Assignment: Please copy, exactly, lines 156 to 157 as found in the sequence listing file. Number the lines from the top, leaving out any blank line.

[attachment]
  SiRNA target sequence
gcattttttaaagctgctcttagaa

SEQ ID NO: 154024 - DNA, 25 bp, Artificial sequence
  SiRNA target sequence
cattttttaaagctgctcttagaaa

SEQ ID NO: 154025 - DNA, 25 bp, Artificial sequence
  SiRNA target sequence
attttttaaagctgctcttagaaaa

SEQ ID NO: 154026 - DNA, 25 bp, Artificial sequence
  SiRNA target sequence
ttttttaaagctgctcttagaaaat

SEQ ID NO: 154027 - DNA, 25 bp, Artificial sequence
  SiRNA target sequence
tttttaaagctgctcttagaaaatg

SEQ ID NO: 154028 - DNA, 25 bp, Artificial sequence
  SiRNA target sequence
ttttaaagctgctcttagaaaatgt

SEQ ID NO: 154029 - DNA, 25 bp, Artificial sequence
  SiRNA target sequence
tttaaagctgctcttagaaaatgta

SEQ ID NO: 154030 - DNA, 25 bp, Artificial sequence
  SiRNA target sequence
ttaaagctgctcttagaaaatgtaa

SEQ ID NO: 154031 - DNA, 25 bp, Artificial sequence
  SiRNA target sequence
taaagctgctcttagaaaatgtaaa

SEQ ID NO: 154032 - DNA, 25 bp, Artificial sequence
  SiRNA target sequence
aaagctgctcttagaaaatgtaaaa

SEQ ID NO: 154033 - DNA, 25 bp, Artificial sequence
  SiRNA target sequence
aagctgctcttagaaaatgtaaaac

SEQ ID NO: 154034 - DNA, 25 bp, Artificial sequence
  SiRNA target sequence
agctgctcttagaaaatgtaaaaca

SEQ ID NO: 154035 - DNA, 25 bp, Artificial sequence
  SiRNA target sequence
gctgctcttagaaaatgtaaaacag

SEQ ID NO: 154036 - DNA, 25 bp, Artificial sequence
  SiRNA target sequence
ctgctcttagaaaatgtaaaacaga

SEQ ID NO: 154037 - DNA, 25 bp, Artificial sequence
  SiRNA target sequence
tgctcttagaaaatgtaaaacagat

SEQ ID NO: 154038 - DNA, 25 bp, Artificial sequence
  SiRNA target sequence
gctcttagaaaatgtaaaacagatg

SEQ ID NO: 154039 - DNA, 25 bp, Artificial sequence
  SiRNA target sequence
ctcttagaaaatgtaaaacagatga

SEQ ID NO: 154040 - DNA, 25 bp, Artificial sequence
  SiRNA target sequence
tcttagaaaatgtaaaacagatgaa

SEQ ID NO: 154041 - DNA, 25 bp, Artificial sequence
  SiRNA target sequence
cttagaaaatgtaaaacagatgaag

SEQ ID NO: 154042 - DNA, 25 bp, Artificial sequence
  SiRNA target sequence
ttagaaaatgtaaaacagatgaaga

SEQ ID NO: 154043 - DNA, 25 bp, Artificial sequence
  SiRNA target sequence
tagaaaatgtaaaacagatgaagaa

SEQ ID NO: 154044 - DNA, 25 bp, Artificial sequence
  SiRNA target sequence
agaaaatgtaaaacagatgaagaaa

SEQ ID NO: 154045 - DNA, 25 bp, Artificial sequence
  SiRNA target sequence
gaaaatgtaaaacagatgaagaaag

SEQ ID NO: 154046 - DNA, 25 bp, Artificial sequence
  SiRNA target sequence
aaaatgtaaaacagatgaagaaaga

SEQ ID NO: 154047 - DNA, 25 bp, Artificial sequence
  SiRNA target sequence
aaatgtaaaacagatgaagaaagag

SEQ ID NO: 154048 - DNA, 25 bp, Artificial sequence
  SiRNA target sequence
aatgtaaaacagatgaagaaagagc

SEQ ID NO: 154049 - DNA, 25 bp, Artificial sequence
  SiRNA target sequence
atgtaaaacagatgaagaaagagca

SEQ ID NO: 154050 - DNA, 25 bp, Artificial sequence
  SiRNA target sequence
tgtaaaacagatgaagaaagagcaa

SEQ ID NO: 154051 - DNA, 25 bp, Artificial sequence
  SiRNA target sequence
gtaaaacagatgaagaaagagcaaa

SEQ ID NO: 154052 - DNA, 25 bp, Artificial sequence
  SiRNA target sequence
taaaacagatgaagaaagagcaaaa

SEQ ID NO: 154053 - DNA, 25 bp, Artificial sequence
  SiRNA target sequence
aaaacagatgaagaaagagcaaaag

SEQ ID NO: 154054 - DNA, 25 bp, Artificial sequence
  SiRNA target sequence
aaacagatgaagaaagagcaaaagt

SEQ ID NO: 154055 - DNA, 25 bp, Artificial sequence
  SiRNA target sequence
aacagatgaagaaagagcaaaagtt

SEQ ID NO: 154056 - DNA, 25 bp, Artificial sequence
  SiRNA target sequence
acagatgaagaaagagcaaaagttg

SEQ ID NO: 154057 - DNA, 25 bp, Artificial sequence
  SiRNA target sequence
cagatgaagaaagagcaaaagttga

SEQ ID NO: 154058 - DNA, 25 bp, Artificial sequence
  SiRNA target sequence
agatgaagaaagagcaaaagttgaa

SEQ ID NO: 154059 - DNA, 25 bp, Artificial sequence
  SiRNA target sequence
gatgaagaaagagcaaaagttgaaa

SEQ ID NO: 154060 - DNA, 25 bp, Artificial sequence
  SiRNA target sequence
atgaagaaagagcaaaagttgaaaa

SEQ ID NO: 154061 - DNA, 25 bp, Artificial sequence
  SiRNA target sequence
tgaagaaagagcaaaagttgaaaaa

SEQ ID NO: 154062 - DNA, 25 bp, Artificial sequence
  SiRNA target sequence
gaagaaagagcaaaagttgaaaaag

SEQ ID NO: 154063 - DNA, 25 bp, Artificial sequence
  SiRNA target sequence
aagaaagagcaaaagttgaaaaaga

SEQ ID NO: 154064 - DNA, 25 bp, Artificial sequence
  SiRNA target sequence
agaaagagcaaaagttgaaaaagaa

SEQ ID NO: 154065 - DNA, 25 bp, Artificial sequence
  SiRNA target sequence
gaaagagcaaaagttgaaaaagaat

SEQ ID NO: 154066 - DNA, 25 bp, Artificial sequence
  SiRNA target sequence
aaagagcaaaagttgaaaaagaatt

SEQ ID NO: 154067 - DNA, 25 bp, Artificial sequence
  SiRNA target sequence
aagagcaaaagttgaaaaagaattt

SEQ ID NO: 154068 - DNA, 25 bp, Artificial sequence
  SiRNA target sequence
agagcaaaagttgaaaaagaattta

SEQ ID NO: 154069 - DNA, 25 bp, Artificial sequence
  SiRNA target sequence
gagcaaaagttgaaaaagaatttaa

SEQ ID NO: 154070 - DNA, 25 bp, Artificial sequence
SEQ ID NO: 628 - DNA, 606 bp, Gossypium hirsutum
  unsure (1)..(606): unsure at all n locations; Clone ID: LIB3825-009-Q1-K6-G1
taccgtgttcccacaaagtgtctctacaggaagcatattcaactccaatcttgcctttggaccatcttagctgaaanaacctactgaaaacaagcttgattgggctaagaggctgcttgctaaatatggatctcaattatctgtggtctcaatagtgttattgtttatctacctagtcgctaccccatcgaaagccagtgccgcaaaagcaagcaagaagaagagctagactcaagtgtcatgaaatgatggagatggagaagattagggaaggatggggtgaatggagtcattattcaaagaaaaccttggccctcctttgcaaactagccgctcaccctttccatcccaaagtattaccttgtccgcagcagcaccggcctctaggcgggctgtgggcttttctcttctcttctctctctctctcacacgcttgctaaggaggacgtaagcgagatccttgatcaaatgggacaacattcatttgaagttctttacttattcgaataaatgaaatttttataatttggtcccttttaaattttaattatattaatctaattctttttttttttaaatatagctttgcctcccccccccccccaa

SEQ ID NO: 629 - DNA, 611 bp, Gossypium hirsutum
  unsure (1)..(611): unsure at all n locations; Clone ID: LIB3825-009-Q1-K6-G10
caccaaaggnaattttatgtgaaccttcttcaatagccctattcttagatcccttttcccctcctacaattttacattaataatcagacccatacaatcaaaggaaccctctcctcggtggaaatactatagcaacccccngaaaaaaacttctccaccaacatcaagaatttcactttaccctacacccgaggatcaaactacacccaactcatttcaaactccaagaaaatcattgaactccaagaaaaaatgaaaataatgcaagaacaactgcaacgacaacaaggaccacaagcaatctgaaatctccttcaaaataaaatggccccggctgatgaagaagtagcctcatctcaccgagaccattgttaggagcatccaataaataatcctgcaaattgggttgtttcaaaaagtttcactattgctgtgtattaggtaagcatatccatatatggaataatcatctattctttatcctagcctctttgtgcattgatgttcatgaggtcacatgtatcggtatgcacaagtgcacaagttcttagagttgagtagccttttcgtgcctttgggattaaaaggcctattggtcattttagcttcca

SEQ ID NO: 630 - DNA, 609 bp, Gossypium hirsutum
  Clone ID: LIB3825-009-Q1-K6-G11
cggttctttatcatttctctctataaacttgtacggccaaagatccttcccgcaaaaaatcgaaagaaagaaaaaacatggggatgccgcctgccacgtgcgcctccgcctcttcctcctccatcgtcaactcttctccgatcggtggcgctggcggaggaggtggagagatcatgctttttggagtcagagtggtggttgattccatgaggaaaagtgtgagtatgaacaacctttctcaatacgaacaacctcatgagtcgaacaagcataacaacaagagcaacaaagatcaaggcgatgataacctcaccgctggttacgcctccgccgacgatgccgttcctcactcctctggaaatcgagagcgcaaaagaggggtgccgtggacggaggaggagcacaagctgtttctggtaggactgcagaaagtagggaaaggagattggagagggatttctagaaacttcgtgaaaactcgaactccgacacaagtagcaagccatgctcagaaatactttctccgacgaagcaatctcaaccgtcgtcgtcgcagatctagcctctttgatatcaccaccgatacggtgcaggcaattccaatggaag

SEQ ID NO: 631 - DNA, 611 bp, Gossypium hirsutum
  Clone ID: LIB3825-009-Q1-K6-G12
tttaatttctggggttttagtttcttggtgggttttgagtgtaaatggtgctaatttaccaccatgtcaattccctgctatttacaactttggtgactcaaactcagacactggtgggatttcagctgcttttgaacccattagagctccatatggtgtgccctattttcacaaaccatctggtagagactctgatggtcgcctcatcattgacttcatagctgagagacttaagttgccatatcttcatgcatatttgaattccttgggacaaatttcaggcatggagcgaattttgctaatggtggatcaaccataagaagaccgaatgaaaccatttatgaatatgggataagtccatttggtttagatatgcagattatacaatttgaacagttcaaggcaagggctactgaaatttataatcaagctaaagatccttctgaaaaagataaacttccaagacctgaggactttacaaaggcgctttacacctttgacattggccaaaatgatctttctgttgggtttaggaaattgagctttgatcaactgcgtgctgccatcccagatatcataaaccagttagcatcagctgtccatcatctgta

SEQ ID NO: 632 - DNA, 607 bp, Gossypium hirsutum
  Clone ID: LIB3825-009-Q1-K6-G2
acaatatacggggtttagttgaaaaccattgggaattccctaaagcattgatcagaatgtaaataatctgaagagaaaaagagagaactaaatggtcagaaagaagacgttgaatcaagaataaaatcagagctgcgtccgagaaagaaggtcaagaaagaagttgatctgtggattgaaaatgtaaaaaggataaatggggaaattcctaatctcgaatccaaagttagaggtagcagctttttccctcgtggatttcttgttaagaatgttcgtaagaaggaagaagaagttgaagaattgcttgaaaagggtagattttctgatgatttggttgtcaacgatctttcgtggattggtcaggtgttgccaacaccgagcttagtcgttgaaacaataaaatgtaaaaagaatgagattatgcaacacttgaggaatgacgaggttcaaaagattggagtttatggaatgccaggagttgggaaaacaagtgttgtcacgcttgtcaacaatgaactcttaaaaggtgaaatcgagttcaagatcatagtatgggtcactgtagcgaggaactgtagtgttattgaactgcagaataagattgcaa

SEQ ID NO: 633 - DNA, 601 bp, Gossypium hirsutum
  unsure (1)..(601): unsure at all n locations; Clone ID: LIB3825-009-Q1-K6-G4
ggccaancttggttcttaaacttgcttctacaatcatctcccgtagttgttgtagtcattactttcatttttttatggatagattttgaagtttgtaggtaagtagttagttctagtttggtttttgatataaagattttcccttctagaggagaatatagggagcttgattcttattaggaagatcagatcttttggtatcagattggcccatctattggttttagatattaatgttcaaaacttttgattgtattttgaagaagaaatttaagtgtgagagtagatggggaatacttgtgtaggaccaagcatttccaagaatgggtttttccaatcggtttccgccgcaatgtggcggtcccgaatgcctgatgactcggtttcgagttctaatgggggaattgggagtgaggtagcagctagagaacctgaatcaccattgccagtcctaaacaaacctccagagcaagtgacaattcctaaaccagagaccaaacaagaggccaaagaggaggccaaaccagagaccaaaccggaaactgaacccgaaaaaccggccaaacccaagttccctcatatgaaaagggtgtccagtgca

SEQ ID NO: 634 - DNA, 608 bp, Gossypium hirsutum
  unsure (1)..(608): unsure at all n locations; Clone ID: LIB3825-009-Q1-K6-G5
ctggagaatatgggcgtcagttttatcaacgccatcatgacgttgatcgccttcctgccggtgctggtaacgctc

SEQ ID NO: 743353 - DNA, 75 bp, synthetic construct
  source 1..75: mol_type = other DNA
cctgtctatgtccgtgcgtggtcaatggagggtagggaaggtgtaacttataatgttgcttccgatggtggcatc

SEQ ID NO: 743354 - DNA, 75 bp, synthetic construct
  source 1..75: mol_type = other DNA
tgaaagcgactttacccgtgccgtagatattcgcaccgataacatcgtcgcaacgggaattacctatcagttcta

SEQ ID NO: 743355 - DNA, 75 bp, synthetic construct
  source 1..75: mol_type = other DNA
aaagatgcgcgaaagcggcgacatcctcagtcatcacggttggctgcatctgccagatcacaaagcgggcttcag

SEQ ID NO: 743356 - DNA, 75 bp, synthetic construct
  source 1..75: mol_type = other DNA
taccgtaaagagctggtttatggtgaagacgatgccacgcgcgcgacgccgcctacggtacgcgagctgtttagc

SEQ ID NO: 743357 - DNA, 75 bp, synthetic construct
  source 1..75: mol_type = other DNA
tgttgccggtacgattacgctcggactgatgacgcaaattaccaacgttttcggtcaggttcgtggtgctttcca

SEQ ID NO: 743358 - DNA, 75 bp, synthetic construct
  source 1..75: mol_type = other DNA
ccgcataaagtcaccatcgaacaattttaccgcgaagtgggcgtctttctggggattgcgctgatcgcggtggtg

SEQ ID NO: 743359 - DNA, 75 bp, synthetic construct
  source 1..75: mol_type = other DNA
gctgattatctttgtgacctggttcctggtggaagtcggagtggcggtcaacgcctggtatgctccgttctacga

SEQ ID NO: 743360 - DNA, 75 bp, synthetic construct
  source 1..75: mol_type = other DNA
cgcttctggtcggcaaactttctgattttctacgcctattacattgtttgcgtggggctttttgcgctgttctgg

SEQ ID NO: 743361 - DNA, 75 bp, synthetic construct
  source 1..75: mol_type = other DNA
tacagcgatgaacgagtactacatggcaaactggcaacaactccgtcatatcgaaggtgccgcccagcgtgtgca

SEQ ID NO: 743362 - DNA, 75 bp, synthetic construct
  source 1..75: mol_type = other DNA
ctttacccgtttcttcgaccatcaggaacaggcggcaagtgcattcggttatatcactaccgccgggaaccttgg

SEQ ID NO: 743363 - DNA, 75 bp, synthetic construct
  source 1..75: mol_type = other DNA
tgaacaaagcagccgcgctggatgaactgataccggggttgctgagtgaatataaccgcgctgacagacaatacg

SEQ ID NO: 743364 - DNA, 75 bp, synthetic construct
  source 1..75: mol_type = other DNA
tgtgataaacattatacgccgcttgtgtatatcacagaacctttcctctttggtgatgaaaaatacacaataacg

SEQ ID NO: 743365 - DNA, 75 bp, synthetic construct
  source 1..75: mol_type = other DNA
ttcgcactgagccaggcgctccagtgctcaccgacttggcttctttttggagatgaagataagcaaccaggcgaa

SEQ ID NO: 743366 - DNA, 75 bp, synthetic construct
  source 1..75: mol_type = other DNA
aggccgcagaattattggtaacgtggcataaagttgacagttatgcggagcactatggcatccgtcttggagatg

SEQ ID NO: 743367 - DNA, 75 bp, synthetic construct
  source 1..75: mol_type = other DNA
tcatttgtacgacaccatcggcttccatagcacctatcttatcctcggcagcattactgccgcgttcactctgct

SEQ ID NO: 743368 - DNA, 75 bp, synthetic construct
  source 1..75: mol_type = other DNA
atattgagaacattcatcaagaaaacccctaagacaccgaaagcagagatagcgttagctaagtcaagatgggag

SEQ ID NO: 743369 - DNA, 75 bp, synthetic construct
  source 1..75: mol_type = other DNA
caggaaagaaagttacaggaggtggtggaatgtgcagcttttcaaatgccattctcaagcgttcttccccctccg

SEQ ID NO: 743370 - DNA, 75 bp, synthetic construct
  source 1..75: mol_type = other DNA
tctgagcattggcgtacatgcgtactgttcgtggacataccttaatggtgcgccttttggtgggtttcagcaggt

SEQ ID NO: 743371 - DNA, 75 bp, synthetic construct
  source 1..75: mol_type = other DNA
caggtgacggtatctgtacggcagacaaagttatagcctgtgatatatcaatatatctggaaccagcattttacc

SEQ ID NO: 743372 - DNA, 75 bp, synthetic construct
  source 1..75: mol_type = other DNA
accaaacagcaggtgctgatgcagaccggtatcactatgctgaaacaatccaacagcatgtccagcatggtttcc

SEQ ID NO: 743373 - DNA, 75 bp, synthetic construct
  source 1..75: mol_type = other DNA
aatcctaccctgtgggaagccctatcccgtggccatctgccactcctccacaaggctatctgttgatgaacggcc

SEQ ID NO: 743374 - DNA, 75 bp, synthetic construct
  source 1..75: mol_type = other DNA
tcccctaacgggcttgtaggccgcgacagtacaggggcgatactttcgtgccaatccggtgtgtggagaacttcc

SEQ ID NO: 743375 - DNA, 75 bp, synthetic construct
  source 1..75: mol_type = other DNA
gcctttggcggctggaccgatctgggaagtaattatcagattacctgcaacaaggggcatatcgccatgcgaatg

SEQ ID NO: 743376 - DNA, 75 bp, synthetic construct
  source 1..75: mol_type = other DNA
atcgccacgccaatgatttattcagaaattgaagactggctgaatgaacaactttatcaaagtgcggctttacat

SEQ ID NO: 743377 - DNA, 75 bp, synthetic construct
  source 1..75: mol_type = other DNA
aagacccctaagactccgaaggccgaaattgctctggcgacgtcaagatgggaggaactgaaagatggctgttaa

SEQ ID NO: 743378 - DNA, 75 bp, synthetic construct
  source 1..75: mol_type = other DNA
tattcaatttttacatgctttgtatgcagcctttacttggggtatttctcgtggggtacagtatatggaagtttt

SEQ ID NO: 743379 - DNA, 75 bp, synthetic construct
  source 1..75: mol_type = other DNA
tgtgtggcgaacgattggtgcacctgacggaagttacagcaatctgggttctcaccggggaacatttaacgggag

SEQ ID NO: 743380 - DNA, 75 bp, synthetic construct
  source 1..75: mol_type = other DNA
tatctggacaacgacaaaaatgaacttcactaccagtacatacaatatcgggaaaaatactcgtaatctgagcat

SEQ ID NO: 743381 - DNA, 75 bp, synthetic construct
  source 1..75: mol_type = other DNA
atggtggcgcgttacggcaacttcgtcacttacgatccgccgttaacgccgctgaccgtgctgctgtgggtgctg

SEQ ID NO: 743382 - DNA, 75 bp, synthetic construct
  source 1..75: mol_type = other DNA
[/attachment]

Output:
acaatatacggggtttagttgaaaaccattgggaattccctaaagcattgatcagaatgtaaataatctgaagagaaaaagagagaactaaatggtcagaaagaagacgttgaatcaagaataaaatcagagctgcgtccgagaaagaaggtcaagaaagaagttgatctgtggattgaaaatgtaaaaaggataaatggggaaattcctaatctcgaatccaaagttagaggtagcagctttttccctcgtggatttcttgttaagaatgttcgtaagaaggaagaagaagttgaagaattgcttgaaaagggtagattttctgatgatttggttgtcaacgatctttcgtggattggtcaggtgttgccaacaccgagcttagtcgttgaaacaataaaatgtaaaaagaatgagattatgcaacacttgaggaatgacgaggttcaaaagattggagtttatggaatgccaggagttgggaaaacaagtgttgtcacgcttgtcaacaatgaactcttaaaaggtgaaatcgagttcaagatcatagtatgggtcactgtagcgaggaactgtagtgttattgaactgcagaataagattgcaa

SEQ ID NO: 633 - DNA, 601 bp, Gossypium hirsutum